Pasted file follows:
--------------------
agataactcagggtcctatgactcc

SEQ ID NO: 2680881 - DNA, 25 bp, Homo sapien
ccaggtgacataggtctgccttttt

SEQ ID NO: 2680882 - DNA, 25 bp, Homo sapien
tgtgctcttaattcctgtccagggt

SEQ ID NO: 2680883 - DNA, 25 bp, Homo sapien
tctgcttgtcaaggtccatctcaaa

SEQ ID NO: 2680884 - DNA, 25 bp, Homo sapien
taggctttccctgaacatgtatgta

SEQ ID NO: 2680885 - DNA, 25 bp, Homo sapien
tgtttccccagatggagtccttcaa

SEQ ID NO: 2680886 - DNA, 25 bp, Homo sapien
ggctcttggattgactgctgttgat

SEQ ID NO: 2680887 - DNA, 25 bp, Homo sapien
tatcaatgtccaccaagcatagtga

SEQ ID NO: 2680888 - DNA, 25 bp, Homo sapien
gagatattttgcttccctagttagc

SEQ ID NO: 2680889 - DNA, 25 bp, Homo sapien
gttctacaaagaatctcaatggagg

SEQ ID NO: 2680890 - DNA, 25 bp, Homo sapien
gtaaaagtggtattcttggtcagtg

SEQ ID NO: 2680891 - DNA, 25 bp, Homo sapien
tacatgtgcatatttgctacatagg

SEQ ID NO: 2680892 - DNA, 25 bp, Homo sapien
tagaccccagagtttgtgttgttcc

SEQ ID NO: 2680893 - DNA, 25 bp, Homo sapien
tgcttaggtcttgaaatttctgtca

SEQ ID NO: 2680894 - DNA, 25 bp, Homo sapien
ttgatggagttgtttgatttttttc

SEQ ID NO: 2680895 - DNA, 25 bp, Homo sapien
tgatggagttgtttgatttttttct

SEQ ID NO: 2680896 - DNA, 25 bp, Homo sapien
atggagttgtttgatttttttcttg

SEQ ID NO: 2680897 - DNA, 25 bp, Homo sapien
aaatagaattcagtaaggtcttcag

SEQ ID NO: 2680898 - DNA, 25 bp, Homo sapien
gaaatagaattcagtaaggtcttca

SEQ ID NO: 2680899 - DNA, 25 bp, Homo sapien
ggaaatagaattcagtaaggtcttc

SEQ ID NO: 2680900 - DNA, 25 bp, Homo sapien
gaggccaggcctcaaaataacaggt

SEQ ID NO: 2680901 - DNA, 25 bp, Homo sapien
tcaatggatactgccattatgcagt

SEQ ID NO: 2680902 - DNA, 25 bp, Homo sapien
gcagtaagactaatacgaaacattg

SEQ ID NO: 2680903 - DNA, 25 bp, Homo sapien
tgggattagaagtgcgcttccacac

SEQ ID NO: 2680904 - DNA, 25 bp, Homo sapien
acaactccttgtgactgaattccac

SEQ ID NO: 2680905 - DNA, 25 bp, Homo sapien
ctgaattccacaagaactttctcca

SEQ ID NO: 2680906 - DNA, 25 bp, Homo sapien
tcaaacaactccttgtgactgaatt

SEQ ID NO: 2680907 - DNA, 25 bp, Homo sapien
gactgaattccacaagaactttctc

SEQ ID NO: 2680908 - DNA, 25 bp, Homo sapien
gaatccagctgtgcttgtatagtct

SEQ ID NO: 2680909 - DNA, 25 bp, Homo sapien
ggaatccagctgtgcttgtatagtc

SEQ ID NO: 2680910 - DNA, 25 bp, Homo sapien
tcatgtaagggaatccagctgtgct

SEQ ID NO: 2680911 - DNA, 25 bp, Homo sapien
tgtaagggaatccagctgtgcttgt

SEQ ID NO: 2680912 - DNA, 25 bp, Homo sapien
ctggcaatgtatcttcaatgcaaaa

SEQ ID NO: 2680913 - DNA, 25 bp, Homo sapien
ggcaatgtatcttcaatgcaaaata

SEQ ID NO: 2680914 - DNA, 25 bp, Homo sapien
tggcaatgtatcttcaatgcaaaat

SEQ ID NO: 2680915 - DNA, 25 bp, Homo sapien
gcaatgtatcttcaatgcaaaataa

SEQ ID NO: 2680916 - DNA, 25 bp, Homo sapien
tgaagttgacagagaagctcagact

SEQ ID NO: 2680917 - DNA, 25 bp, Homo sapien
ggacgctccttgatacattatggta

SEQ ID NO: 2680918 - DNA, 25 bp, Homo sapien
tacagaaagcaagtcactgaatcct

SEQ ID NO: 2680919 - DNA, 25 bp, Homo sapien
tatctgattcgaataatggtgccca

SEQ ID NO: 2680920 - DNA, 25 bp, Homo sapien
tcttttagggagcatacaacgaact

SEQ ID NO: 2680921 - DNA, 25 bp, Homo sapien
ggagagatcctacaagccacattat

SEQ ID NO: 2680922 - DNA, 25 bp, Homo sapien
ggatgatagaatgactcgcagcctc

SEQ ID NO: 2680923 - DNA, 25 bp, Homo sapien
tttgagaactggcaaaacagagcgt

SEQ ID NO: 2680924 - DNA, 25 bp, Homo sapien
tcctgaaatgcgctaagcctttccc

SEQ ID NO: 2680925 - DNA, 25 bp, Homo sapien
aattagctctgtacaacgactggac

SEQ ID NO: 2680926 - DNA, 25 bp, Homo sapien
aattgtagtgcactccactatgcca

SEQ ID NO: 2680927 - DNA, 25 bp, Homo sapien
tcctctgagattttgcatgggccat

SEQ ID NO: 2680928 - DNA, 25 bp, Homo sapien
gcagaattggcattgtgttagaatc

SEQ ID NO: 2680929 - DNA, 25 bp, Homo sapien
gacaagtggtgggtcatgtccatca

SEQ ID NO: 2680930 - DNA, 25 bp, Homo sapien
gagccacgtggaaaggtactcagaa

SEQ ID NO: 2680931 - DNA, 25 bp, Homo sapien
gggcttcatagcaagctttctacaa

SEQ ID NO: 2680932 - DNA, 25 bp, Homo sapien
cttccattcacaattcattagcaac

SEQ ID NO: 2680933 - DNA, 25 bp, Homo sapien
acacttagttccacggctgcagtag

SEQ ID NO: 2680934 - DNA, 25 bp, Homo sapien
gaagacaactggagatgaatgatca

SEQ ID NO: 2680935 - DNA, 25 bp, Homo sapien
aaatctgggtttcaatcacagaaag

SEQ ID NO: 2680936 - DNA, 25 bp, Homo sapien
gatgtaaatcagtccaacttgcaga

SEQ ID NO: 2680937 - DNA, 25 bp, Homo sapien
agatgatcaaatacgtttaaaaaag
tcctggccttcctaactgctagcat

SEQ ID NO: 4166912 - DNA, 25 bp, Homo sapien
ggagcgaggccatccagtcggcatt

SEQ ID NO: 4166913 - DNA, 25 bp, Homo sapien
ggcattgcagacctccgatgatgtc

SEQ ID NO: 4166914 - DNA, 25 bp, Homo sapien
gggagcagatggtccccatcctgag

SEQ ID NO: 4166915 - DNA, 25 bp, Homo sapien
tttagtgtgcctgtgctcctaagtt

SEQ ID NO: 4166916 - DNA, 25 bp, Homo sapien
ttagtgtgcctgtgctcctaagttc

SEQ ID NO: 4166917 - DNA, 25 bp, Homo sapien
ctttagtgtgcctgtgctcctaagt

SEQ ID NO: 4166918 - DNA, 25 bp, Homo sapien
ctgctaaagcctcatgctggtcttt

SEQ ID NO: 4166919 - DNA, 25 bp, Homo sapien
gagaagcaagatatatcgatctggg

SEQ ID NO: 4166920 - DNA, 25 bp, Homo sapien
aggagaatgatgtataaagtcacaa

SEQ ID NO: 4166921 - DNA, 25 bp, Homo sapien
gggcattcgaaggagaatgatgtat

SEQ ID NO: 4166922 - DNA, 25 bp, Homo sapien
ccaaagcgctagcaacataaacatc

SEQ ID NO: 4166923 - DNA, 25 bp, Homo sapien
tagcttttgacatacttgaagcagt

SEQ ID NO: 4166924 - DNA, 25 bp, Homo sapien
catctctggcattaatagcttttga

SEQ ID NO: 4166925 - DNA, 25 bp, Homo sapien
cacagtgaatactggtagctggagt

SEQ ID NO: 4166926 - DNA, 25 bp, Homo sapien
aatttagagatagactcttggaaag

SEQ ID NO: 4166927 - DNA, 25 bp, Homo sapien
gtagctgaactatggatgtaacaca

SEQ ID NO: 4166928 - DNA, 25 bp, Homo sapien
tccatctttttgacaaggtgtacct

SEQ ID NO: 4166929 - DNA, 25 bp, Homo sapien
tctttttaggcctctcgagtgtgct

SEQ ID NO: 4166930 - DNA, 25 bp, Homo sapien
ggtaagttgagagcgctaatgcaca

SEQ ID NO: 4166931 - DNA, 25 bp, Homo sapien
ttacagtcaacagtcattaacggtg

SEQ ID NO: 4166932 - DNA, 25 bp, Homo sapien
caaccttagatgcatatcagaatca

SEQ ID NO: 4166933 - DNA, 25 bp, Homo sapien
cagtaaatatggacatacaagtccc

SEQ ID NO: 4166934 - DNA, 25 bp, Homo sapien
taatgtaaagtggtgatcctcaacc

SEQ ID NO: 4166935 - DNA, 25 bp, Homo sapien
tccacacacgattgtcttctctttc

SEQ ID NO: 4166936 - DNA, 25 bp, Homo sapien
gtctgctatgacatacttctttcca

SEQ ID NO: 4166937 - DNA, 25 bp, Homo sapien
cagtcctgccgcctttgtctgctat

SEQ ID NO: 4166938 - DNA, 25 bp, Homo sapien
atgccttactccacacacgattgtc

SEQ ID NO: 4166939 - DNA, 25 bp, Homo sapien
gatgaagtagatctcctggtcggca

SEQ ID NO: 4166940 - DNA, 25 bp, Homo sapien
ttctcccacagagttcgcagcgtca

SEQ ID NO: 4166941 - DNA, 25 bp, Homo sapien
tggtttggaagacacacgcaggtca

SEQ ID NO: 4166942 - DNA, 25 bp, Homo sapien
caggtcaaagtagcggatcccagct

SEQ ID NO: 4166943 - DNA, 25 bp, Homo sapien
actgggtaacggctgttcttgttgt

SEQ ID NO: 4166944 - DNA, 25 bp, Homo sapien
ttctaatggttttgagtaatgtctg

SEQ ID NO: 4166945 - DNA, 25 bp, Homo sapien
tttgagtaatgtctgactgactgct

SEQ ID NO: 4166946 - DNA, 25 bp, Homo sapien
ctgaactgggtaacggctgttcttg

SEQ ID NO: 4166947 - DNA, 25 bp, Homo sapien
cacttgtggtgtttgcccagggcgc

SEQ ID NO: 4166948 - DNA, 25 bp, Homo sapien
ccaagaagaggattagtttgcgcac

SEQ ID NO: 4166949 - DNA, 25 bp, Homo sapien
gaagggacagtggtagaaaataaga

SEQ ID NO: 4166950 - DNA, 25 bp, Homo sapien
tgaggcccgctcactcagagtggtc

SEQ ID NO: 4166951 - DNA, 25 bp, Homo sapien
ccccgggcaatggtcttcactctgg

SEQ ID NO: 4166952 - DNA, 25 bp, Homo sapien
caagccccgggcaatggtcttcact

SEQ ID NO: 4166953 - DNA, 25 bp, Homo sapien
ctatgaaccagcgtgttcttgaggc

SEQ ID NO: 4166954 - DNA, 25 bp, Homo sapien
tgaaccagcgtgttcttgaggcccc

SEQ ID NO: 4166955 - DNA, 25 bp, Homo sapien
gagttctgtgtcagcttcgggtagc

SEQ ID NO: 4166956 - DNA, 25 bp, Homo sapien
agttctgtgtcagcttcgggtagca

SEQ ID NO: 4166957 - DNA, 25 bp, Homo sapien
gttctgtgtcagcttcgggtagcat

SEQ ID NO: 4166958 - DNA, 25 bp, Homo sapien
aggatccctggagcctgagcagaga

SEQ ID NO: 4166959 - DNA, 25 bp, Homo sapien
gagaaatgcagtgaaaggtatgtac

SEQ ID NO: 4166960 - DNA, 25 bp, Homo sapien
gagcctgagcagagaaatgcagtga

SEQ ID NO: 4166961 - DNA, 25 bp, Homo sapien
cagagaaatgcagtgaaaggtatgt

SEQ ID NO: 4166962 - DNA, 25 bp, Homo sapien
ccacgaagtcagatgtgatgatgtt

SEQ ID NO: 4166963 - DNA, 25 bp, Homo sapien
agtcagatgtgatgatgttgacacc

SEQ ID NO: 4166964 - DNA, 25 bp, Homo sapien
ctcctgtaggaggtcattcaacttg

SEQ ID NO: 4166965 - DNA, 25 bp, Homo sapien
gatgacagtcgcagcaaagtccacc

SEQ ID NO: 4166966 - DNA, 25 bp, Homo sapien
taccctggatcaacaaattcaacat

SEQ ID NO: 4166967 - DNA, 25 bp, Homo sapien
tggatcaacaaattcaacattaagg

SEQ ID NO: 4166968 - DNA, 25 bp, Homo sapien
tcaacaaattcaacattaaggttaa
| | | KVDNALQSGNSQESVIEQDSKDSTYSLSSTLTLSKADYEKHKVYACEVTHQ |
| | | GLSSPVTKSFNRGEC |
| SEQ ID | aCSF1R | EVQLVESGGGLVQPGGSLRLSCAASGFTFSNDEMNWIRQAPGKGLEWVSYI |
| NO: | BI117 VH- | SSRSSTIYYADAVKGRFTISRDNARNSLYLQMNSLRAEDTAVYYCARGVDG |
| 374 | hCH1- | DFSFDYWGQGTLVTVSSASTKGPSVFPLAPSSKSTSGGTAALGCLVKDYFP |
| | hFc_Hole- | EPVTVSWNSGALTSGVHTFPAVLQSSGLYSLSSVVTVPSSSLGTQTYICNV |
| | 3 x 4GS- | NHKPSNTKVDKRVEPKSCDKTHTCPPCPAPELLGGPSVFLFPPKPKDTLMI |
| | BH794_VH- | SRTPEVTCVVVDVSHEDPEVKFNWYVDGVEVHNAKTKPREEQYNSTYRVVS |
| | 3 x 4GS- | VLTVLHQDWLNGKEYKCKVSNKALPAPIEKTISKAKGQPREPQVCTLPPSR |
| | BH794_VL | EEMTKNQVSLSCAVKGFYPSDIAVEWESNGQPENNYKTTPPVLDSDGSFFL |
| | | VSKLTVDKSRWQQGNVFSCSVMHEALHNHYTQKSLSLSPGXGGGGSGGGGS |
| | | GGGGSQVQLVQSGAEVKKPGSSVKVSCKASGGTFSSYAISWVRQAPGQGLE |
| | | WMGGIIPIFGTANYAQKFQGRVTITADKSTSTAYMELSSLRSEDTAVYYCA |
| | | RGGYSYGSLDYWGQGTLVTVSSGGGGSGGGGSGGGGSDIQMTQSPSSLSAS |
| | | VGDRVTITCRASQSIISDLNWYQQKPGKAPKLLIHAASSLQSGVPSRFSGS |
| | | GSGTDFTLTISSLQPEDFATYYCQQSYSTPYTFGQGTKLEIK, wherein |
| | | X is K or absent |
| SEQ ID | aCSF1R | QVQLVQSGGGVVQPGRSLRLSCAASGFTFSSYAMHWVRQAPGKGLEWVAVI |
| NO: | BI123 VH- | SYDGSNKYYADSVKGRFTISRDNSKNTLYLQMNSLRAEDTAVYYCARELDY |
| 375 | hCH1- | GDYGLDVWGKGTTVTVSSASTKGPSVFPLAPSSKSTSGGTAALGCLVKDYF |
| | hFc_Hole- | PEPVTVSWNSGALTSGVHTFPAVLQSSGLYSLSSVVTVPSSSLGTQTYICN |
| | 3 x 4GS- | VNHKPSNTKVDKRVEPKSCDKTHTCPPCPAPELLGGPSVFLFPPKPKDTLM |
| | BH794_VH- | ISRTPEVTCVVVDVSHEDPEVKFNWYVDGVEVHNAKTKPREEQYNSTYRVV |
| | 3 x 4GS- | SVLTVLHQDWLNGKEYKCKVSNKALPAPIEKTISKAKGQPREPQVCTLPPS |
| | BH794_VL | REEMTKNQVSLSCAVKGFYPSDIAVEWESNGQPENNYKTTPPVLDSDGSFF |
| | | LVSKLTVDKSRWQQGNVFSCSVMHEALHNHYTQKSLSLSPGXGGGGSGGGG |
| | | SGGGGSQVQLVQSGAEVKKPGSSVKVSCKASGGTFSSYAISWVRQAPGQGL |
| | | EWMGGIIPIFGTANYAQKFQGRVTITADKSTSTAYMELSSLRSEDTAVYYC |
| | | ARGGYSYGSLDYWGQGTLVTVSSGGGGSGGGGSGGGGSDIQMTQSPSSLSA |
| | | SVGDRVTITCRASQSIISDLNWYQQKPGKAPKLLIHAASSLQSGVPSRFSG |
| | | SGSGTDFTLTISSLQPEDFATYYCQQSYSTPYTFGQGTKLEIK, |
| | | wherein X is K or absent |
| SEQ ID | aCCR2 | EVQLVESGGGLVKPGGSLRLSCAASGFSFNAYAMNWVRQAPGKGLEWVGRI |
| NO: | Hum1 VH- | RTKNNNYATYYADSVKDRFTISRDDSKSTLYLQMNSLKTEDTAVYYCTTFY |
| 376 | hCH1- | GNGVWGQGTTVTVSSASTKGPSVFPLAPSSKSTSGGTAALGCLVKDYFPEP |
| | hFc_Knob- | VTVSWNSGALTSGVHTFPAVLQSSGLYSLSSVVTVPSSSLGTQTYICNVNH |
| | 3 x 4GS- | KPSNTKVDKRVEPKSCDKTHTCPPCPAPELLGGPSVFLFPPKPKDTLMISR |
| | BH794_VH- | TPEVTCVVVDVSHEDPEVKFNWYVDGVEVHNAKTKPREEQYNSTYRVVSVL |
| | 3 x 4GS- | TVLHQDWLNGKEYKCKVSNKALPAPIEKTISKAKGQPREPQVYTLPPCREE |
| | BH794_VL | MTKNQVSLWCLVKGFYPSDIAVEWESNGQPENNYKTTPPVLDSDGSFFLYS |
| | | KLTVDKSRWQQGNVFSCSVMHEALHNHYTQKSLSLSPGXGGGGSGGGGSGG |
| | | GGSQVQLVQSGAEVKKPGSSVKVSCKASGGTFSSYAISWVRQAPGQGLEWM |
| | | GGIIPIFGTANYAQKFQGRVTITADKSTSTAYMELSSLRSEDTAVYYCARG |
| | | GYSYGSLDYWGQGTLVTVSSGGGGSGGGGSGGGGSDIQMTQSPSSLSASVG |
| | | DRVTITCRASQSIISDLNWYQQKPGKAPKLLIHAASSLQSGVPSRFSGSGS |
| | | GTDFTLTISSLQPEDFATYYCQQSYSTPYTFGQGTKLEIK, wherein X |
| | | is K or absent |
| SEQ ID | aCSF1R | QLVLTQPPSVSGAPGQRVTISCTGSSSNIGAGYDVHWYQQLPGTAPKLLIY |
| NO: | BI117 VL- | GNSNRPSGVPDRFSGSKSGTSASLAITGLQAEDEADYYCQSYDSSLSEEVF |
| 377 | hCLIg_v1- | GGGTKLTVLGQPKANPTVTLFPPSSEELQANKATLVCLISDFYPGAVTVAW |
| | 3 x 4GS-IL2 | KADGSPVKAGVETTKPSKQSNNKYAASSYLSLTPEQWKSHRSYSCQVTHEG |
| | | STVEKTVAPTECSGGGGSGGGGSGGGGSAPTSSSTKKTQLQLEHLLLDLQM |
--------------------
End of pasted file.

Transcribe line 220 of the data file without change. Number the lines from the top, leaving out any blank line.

agtcagatgtgatgatgttgacacc